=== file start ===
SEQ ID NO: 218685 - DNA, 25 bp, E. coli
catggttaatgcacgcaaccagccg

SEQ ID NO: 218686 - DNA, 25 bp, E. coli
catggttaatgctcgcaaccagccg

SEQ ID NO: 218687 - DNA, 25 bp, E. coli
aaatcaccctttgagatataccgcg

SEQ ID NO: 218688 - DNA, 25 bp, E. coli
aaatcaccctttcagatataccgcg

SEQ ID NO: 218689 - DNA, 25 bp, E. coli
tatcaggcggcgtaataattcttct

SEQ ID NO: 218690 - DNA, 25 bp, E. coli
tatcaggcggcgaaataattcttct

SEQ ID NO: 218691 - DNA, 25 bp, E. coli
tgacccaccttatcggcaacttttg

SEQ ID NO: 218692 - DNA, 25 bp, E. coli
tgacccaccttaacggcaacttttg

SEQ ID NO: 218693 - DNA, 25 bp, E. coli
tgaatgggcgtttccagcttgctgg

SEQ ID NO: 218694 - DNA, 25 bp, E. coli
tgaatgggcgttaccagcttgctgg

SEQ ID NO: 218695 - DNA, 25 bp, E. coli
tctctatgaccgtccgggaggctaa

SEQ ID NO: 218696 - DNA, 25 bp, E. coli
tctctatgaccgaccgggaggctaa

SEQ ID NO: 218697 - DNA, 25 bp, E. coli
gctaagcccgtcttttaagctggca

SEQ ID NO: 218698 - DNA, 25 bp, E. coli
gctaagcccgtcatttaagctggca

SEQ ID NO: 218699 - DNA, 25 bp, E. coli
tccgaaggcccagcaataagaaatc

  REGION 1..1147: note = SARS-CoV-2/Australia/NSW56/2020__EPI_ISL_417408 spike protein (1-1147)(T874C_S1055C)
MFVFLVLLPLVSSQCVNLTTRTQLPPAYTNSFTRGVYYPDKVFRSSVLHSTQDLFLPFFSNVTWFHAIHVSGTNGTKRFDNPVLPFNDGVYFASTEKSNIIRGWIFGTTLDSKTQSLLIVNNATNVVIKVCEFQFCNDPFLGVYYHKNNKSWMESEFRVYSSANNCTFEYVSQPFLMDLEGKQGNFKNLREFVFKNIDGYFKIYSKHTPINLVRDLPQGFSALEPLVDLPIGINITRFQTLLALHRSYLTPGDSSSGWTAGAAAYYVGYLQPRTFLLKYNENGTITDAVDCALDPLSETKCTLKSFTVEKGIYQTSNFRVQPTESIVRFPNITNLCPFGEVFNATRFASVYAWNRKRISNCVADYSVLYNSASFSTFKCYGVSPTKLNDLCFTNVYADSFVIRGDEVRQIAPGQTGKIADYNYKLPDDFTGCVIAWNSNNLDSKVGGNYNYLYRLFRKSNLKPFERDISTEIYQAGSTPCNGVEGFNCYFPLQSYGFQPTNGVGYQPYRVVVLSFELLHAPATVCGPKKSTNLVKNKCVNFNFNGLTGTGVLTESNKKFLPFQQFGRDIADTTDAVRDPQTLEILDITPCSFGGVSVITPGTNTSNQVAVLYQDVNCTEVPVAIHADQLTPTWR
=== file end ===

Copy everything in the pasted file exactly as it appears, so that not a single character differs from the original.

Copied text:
SEQ ID NO: 218685 - DNA, 25 bp, E. coli
catggttaatgcacgcaaccagccg

SEQ ID NO: 218686 - DNA, 25 bp, E. coli
catggttaatgctcgcaaccagccg

SEQ ID NO: 218687 - DNA, 25 bp, E. coli
aaatcaccctttgagatataccgcg

SEQ ID NO: 218688 - DNA, 25 bp, E. coli
aaatcaccctttcagatataccgcg

SEQ ID NO: 218689 - DNA, 25 bp, E. coli
tatcaggcggcgtaataattcttct

SEQ ID NO: 218690 - DNA, 25 bp, E. coli
tatcaggcggcgaaataattcttct

SEQ ID NO: 218691 - DNA, 25 bp, E. coli
tgacccaccttatcggcaacttttg

SEQ ID NO: 218692 - DNA, 25 bp, E. coli
tgacccaccttaacggcaacttttg

SEQ ID NO: 218693 - DNA, 25 bp, E. coli
tgaatgggcgtttccagcttgctgg

SEQ ID NO: 218694 - DNA, 25 bp, E. coli
tgaatgggcgttaccagcttgctgg

SEQ ID NO: 218695 - DNA, 25 bp, E. coli
tctctatgaccgtccgggaggctaa

SEQ ID NO: 218696 - DNA, 25 bp, E. coli
tctctatgaccgaccgggaggctaa

SEQ ID NO: 218697 - DNA, 25 bp, E. coli
gctaagcccgtcttttaagctggca

SEQ ID NO: 218698 - DNA, 25 bp, E. coli
gctaagcccgtcatttaagctggca

SEQ ID NO: 218699 - DNA, 25 bp, E. coli
tccgaaggcccagcaataagaaatc

  REGION 1..1147: note = SARS-CoV-2/Australia/NSW56/2020__EPI_ISL_417408 spike protein (1-1147)(T874C_S1055C)
MFVFLVLLPLVSSQCVNLTTRTQLPPAYTNSFTRGVYYPDKVFRSSVLHSTQDLFLPFFSNVTWFHAIHVSGTNGTKRFDNPVLPFNDGVYFASTEKSNIIRGWIFGTTLDSKTQSLLIVNNATNVVIKVCEFQFCNDPFLGVYYHKNNKSWMESEFRVYSSANNCTFEYVSQPFLMDLEGKQGNFKNLREFVFKNIDGYFKIYSKHTPINLVRDLPQGFSALEPLVDLPIGINITRFQTLLALHRSYLTPGDSSSGWTAGAAAYYVGYLQPRTFLLKYNENGTITDAVDCALDPLSETKCTLKSFTVEKGIYQTSNFRVQPTESIVRFPNITNLCPFGEVFNATRFASVYAWNRKRISNCVADYSVLYNSASFSTFKCYGVSPTKLNDLCFTNVYADSFVIRGDEVRQIAPGQTGKIADYNYKLPDDFTGCVIAWNSNNLDSKVGGNYNYLYRLFRKSNLKPFERDISTEIYQAGSTPCNGVEGFNCYFPLQSYGFQPTNGVGYQPYRVVVLSFELLHAPATVCGPKKSTNLVKNKCVNFNFNGLTGTGVLTESNKKFLPFQQFGRDIADTTDAVRDPQTLEILDITPCSFGGVSVITPGTNTSNQVAVLYQDVNCTEVPVAIHADQLTPTWR